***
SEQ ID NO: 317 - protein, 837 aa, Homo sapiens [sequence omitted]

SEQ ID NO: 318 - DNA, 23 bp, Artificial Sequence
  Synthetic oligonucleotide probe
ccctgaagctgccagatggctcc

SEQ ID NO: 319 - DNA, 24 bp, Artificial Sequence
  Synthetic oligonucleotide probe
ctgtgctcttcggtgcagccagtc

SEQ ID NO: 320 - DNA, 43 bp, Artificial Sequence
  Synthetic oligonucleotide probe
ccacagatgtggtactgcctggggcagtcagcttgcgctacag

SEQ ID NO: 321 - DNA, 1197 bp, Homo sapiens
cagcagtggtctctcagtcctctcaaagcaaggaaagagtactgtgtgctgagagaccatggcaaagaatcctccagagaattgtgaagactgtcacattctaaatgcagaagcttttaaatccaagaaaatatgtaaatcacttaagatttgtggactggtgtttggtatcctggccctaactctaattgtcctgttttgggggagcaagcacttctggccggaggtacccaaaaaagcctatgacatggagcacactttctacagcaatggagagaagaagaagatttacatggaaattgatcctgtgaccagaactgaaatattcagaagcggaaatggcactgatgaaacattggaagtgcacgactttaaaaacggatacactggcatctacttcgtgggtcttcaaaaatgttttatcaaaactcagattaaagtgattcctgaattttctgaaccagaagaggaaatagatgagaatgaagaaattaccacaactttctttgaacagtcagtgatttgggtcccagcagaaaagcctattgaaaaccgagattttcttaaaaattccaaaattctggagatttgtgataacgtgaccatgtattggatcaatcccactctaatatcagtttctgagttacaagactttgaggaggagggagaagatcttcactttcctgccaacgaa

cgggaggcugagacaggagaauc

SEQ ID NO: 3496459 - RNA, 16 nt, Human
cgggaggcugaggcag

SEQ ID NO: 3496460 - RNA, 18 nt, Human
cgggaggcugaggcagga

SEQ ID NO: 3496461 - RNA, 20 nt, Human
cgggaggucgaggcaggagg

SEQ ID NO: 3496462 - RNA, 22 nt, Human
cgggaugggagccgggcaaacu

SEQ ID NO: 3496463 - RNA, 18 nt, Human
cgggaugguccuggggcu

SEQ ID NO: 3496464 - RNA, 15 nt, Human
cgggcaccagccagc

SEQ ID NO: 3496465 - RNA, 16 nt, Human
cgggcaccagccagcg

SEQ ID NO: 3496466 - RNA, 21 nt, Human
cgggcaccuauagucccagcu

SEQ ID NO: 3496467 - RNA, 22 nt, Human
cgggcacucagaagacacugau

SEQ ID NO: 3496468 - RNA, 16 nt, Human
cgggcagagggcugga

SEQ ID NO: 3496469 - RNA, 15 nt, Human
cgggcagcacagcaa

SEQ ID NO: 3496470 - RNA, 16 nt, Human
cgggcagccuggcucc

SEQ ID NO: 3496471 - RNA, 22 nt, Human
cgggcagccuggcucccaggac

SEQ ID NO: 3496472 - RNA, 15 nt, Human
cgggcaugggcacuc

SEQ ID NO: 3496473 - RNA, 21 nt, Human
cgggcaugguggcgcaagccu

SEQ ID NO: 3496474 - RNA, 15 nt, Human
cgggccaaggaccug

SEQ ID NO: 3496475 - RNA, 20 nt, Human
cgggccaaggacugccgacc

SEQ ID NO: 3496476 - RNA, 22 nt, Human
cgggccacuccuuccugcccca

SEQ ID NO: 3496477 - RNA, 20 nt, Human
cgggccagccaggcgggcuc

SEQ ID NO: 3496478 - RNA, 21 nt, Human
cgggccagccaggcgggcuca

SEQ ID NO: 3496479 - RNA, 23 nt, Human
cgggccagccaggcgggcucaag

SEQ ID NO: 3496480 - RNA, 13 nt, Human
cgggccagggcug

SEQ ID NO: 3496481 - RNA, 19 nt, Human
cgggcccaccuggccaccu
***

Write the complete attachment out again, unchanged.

SEQ ID NO: 317 - protein, 837 aa, Homo sapiens [sequence omitted]

SEQ ID NO: 318 - DNA, 23 bp, Artificial Sequence
  Synthetic oligonucleotide probe
ccctgaagctgccagatggctcc

SEQ ID NO: 319 - DNA, 24 bp, Artificial Sequence
  Synthetic oligonucleotide probe
ctgtgctcttcggtgcagccagtc

SEQ ID NO: 320 - DNA, 43 bp, Artificial Sequence
  Synthetic oligonucleotide probe
ccacagatgtggtactgcctggggcagtcagcttgcgctacag

SEQ ID NO: 321 - DNA, 1197 bp, Homo sapiens
cagcagtggtctctcagtcctctcaaagcaaggaaagagtactgtgtgctgagagaccatggcaaagaatcctccagagaattgtgaagactgtcacattctaaatgcagaagcttttaaatccaagaaaatatgtaaatcacttaagatttgtggactggtgtttggtatcctggccctaactctaattgtcctgttttgggggagcaagcacttctggccggaggtacccaaaaaagcctatgacatggagcacactttctacagcaatggagagaagaagaagatttacatggaaattgatcctgtgaccagaactgaaatattcagaagcggaaatggcactgatgaaacattggaagtgcacgactttaaaaacggatacactggcatctacttcgtgggtcttcaaaaatgttttatcaaaactcagattaaagtgattcctgaattttctgaaccagaagaggaaatagatgagaatgaagaaattaccacaactttctttgaacagtcagtgatttgggtcccagcagaaaagcctattgaaaaccgagattttcttaaaaattccaaaattctggagatttgtgataacgtgaccatgtattggatcaatcccactctaatatcagtttctgagttacaagactttgaggaggagggagaagatcttcactttcctgccaacgaa

cgggaggcugagacaggagaauc

SEQ ID NO: 3496459 - RNA, 16 nt, Human
cgggaggcugaggcag

SEQ ID NO: 3496460 - RNA, 18 nt, Human
cgggaggcugaggcagga

SEQ ID NO: 3496461 - RNA, 20 nt, Human
cgggaggucgaggcaggagg

SEQ ID NO: 3496462 - RNA, 22 nt, Human
cgggaugggagccgggcaaacu

SEQ ID NO: 3496463 - RNA, 18 nt, Human
cgggaugguccuggggcu

SEQ ID NO: 3496464 - RNA, 15 nt, Human
cgggcaccagccagc

SEQ ID NO: 3496465 - RNA, 16 nt, Human
cgggcaccagccagcg

SEQ ID NO: 3496466 - RNA, 21 nt, Human
cgggcaccuauagucccagcu

SEQ ID NO: 3496467 - RNA, 22 nt, Human
cgggcacucagaagacacugau

SEQ ID NO: 3496468 - RNA, 16 nt, Human
cgggcagagggcugga

SEQ ID NO: 3496469 - RNA, 15 nt, Human
cgggcagcacagcaa

SEQ ID NO: 3496470 - RNA, 16 nt, Human
cgggcagccuggcucc

SEQ ID NO: 3496471 - RNA, 22 nt, Human
cgggcagccuggcucccaggac

SEQ ID NO: 3496472 - RNA, 15 nt, Human
cgggcaugggcacuc

SEQ ID NO: 3496473 - RNA, 21 nt, Human
cgggcaugguggcgcaagccu

SEQ ID NO: 3496474 - RNA, 15 nt, Human
cgggccaaggaccug

SEQ ID NO: 3496475 - RNA, 20 nt, Human
cgggccaaggacugccgacc

SEQ ID NO: 3496476 - RNA, 22 nt, Human
cgggccacuccuuccugcccca

SEQ ID NO: 3496477 - RNA, 20 nt, Human
cgggccagccaggcgggcuc

SEQ ID NO: 3496478 - RNA, 21 nt, Human
cgggccagccaggcgggcuca

SEQ ID NO: 3496479 - RNA, 23 nt, Human
cgggccagccaggcgggcucaag

SEQ ID NO: 3496480 - RNA, 13 nt, Human
cgggccagggcug

SEQ ID NO: 3496481 - RNA, 19 nt, Human
cgggcccaccuggccaccu